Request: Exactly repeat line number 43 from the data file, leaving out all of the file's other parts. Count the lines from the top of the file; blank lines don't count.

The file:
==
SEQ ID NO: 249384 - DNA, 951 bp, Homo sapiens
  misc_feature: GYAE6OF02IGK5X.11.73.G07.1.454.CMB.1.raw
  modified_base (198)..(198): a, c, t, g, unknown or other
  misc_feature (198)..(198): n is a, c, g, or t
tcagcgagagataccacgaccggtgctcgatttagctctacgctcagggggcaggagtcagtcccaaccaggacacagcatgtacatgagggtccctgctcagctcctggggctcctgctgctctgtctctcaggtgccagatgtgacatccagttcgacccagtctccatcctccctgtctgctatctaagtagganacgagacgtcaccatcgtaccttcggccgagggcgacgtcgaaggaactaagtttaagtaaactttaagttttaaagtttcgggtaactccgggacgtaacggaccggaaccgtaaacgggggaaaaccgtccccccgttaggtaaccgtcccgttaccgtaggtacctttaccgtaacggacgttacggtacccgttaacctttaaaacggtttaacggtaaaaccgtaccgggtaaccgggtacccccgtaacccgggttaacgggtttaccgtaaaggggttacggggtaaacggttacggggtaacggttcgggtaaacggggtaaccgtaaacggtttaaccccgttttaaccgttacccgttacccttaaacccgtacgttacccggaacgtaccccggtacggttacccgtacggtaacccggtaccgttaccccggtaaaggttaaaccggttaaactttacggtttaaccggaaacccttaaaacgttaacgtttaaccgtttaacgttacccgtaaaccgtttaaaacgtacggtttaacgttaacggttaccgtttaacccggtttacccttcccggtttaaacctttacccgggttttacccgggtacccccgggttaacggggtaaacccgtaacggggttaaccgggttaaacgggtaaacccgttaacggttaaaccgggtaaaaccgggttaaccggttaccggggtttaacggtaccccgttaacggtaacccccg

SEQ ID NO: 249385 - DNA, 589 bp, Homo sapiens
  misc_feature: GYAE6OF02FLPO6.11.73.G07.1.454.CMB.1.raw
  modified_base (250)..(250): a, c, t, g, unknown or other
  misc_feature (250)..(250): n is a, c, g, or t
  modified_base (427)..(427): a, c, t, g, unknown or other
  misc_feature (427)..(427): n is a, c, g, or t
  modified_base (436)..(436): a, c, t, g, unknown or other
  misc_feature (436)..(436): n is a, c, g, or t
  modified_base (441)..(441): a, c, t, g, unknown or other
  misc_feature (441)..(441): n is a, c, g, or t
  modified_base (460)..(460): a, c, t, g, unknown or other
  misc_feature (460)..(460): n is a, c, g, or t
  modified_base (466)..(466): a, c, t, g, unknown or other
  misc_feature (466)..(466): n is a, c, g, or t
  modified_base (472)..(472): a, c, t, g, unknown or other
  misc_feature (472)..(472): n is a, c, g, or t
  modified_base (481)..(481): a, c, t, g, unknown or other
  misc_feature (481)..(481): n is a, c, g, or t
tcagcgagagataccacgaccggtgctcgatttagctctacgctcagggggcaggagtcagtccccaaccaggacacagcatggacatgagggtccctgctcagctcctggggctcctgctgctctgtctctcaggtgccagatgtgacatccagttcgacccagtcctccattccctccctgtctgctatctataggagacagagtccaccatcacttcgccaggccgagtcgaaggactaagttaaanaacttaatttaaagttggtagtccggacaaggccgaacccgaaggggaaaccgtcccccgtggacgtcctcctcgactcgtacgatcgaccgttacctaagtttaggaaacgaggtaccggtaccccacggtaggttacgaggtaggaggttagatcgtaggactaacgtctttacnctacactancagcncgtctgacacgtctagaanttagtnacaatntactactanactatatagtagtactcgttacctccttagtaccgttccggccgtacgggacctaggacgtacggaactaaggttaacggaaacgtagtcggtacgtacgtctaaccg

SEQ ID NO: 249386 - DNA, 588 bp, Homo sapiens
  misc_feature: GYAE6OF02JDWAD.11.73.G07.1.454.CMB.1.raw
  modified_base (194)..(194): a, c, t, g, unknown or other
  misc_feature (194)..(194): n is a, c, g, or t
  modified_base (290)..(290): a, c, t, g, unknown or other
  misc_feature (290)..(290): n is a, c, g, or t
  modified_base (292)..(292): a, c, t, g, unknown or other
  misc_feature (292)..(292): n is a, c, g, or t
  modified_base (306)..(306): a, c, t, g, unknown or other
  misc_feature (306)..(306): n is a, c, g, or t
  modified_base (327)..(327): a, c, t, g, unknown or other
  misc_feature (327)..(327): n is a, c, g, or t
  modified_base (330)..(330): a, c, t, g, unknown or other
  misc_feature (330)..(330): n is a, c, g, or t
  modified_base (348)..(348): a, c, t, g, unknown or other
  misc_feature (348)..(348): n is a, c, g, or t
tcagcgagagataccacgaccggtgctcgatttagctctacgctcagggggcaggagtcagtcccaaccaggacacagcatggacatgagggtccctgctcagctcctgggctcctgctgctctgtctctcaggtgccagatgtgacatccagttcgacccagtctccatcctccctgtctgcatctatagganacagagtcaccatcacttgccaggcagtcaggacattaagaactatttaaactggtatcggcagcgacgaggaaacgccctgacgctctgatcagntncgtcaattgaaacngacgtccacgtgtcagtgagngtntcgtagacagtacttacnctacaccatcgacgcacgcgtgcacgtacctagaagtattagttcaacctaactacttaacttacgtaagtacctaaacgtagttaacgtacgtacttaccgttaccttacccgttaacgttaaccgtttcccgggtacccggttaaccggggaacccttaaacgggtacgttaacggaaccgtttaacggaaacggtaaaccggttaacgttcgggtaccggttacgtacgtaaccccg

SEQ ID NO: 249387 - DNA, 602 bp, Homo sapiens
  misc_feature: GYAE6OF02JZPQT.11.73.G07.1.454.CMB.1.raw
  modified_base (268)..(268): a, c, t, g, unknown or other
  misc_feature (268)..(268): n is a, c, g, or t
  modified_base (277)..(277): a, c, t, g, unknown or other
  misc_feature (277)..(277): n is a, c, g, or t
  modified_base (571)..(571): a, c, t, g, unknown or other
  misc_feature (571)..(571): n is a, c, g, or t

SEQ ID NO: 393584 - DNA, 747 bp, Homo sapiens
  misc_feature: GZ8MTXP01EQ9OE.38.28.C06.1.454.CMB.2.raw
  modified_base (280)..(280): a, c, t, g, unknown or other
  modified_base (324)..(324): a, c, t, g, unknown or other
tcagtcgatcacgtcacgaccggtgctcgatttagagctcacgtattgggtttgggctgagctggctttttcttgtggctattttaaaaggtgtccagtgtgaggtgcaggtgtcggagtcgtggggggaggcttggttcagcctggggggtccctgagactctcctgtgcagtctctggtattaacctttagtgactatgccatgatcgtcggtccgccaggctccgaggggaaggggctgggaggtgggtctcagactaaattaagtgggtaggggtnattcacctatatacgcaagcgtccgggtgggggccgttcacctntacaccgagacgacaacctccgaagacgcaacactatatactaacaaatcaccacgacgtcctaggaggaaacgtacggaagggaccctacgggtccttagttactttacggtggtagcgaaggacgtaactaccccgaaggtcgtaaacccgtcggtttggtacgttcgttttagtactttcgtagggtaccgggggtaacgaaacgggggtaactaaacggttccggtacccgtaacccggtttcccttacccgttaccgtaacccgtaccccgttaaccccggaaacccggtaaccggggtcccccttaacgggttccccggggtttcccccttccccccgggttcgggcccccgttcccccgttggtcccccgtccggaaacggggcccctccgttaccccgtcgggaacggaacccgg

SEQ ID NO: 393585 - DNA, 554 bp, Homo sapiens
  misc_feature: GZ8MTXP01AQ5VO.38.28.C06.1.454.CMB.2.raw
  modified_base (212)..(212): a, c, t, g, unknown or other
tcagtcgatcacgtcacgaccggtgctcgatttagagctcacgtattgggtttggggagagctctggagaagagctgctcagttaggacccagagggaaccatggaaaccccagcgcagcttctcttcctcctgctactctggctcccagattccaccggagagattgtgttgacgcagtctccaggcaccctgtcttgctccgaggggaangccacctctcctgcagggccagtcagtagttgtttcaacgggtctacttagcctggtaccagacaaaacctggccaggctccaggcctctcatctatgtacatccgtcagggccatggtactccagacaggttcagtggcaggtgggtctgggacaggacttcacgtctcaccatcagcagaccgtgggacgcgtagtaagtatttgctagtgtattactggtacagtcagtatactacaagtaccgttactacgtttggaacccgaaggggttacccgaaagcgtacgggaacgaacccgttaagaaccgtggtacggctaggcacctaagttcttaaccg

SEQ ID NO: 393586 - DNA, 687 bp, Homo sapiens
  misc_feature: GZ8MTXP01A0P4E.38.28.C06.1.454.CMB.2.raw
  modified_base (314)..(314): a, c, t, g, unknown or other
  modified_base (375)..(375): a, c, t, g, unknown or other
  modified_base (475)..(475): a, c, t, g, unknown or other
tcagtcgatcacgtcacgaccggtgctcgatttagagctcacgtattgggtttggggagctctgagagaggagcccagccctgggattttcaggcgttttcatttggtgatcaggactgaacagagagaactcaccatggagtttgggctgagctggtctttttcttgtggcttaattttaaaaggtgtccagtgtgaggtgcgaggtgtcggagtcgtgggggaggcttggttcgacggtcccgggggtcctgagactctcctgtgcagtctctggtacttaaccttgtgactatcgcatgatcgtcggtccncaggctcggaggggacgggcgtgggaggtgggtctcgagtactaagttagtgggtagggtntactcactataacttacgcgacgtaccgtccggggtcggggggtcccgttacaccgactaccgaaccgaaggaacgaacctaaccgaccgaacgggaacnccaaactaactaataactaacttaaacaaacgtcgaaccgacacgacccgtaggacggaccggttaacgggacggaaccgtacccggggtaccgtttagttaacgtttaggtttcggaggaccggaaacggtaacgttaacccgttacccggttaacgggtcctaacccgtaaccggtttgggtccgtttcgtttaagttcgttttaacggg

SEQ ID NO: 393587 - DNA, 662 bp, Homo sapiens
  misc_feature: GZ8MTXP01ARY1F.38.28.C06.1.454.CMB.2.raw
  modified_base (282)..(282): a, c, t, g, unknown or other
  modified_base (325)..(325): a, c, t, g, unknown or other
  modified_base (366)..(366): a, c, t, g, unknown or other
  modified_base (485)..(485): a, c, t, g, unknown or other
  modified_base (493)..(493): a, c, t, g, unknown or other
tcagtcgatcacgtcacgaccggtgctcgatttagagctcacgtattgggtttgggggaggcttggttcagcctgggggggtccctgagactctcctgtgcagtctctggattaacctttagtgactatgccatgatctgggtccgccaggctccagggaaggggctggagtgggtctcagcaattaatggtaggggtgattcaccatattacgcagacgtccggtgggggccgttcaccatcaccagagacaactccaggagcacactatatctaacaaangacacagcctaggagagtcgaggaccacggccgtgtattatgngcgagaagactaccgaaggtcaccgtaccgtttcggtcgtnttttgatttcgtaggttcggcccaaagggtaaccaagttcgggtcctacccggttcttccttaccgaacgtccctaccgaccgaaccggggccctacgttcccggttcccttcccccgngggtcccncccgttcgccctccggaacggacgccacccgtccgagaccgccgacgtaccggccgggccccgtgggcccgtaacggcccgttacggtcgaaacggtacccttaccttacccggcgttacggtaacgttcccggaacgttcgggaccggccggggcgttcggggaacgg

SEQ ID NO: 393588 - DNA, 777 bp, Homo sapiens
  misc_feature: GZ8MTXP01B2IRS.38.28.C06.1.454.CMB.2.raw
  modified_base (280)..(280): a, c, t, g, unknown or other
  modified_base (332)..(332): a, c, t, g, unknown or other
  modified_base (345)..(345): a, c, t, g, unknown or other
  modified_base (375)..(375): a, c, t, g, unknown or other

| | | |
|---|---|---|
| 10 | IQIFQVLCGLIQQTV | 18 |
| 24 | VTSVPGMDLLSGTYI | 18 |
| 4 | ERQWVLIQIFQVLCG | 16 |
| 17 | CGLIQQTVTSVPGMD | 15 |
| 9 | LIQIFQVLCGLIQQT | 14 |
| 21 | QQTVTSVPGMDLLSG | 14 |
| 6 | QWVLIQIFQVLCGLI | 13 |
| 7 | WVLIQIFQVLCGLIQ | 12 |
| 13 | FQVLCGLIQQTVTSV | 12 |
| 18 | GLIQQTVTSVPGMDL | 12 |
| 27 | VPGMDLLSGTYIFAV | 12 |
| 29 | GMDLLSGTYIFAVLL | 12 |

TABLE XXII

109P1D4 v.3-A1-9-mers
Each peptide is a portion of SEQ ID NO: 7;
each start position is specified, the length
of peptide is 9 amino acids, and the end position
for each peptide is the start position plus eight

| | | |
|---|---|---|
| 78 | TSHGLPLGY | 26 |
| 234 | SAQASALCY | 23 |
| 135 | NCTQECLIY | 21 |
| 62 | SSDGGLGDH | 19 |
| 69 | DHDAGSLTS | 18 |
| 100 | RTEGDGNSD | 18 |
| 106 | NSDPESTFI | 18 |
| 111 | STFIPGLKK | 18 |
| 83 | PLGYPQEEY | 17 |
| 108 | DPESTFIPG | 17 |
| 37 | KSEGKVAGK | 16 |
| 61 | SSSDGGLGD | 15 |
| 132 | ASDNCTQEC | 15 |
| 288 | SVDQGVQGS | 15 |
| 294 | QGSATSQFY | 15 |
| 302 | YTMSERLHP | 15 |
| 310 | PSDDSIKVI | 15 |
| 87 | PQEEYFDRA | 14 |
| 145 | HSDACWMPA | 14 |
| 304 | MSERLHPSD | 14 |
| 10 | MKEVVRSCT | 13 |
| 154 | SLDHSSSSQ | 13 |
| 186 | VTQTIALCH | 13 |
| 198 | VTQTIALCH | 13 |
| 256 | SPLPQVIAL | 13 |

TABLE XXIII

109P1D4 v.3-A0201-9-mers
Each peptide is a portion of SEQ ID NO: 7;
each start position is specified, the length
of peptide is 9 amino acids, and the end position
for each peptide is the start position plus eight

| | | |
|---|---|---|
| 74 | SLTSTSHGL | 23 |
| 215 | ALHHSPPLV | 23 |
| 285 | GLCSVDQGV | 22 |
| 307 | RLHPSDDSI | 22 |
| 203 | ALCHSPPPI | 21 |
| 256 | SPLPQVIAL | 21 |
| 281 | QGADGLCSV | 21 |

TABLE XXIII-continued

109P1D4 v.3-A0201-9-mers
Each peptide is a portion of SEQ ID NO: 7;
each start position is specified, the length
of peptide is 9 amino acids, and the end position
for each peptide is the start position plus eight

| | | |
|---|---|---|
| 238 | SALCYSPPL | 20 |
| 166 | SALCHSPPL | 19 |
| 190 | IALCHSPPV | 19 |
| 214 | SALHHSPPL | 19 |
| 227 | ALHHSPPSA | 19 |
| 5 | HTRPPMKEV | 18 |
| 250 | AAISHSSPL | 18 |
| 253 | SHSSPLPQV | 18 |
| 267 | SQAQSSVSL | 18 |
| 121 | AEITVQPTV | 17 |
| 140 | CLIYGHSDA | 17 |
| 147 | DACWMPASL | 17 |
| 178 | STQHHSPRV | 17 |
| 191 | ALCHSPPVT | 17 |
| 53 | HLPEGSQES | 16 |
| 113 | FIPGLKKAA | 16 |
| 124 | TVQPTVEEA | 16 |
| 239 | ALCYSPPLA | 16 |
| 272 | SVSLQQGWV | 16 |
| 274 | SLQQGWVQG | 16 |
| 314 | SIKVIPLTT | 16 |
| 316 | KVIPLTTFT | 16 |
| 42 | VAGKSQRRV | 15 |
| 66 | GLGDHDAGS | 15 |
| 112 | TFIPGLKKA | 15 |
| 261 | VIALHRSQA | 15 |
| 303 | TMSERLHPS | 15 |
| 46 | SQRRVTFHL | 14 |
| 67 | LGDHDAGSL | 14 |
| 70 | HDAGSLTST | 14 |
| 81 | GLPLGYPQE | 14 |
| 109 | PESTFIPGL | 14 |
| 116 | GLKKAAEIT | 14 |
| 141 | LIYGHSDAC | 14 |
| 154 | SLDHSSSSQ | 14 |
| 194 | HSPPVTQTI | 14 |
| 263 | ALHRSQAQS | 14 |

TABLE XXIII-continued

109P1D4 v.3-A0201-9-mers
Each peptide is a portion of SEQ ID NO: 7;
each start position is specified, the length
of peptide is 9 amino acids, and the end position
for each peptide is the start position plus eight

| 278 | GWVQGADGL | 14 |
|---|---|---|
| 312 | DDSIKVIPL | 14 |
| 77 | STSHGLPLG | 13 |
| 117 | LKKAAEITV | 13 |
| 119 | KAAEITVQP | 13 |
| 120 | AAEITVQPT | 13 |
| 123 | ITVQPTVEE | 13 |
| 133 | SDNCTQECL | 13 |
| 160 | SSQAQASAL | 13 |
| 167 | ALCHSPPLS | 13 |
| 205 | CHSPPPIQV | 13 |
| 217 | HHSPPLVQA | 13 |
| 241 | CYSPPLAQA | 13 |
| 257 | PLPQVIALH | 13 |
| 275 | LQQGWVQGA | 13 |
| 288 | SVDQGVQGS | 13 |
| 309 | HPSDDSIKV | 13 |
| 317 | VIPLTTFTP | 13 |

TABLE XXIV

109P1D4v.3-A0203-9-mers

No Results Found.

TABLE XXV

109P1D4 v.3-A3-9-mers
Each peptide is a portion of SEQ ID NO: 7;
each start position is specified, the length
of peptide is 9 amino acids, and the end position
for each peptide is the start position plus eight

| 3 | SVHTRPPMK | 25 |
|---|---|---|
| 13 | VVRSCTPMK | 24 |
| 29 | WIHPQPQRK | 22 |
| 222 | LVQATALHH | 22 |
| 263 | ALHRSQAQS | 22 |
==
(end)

  misc_feature: GYAE6OF02JZPQT.11.73.G07.1.454.CMB.1.raw